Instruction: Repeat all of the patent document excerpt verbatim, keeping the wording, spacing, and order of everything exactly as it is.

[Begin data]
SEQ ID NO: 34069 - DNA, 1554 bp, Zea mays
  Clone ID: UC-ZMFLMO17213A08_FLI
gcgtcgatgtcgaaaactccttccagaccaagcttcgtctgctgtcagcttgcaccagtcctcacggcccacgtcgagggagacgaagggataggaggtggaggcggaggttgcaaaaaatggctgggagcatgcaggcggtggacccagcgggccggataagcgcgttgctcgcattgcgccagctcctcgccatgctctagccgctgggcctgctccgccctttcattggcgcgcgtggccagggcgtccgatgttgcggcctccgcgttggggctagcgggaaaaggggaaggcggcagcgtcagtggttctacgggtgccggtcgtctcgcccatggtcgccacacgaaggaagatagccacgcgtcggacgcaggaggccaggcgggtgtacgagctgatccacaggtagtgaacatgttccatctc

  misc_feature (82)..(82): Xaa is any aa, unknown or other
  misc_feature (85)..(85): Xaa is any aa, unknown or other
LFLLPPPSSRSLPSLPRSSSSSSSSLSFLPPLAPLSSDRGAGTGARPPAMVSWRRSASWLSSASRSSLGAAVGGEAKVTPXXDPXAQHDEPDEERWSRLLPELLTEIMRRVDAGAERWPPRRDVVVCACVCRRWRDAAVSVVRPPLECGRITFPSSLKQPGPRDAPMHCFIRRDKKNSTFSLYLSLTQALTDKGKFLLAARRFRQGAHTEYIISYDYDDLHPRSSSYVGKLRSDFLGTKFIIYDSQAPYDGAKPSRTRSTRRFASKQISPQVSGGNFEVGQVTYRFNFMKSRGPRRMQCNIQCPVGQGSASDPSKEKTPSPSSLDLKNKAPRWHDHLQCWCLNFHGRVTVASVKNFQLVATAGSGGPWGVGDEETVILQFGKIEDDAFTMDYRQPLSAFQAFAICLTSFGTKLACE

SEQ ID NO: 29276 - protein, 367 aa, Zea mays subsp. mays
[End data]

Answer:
SEQ ID NO: 34069 - DNA, 1554 bp, Zea mays
  Clone ID: UC-ZMFLMO17213A08_FLI
gcgtcgatgtcgaaaactccttccagaccaagcttcgtctgctgtcagcttgcaccagtcctcacggcccacgtcgagggagacgaagggataggaggtggaggcggaggttgcaaaaaatggctgggagcatgcaggcggtggacccagcgggccggataagcgcgttgctcgcattgcgccagctcctcgccatgctctagccgctgggcctgctccgccctttcattggcgcgcgtggccagggcgtccgatgttgcggcctccgcgttggggctagcgggaaaaggggaaggcggcagcgtcagtggttctacgggtgccggtcgtctcgcccatggtcgccacacgaaggaagatagccacgcgtcggacgcaggaggccaggcgggtgtacgagctgatccacaggtagtgaacatgttccatctc

  misc_feature (82)..(82): Xaa is any aa, unknown or other
  misc_feature (85)..(85): Xaa is any aa, unknown or other
LFLLPPPSSRSLPSLPRSSSSSSSSLSFLPPLAPLSSDRGAGTGARPPAMVSWRRSASWLSSASRSSLGAAVGGEAKVTPXXDPXAQHDEPDEERWSRLLPELLTEIMRRVDAGAERWPPRRDVVVCACVCRRWRDAAVSVVRPPLECGRITFPSSLKQPGPRDAPMHCFIRRDKKNSTFSLYLSLTQALTDKGKFLLAARRFRQGAHTEYIISYDYDDLHPRSSSYVGKLRSDFLGTKFIIYDSQAPYDGAKPSRTRSTRRFASKQISPQVSGGNFEVGQVTYRFNFMKSRGPRRMQCNIQCPVGQGSASDPSKEKTPSPSSLDLKNKAPRWHDHLQCWCLNFHGRVTVASVKNFQLVATAGSGGPWGVGDEETVILQFGKIEDDAFTMDYRQPLSAFQAFAICLTSFGTKLACE

SEQ ID NO: 29276 - protein, 367 aa, Zea mays subsp. mays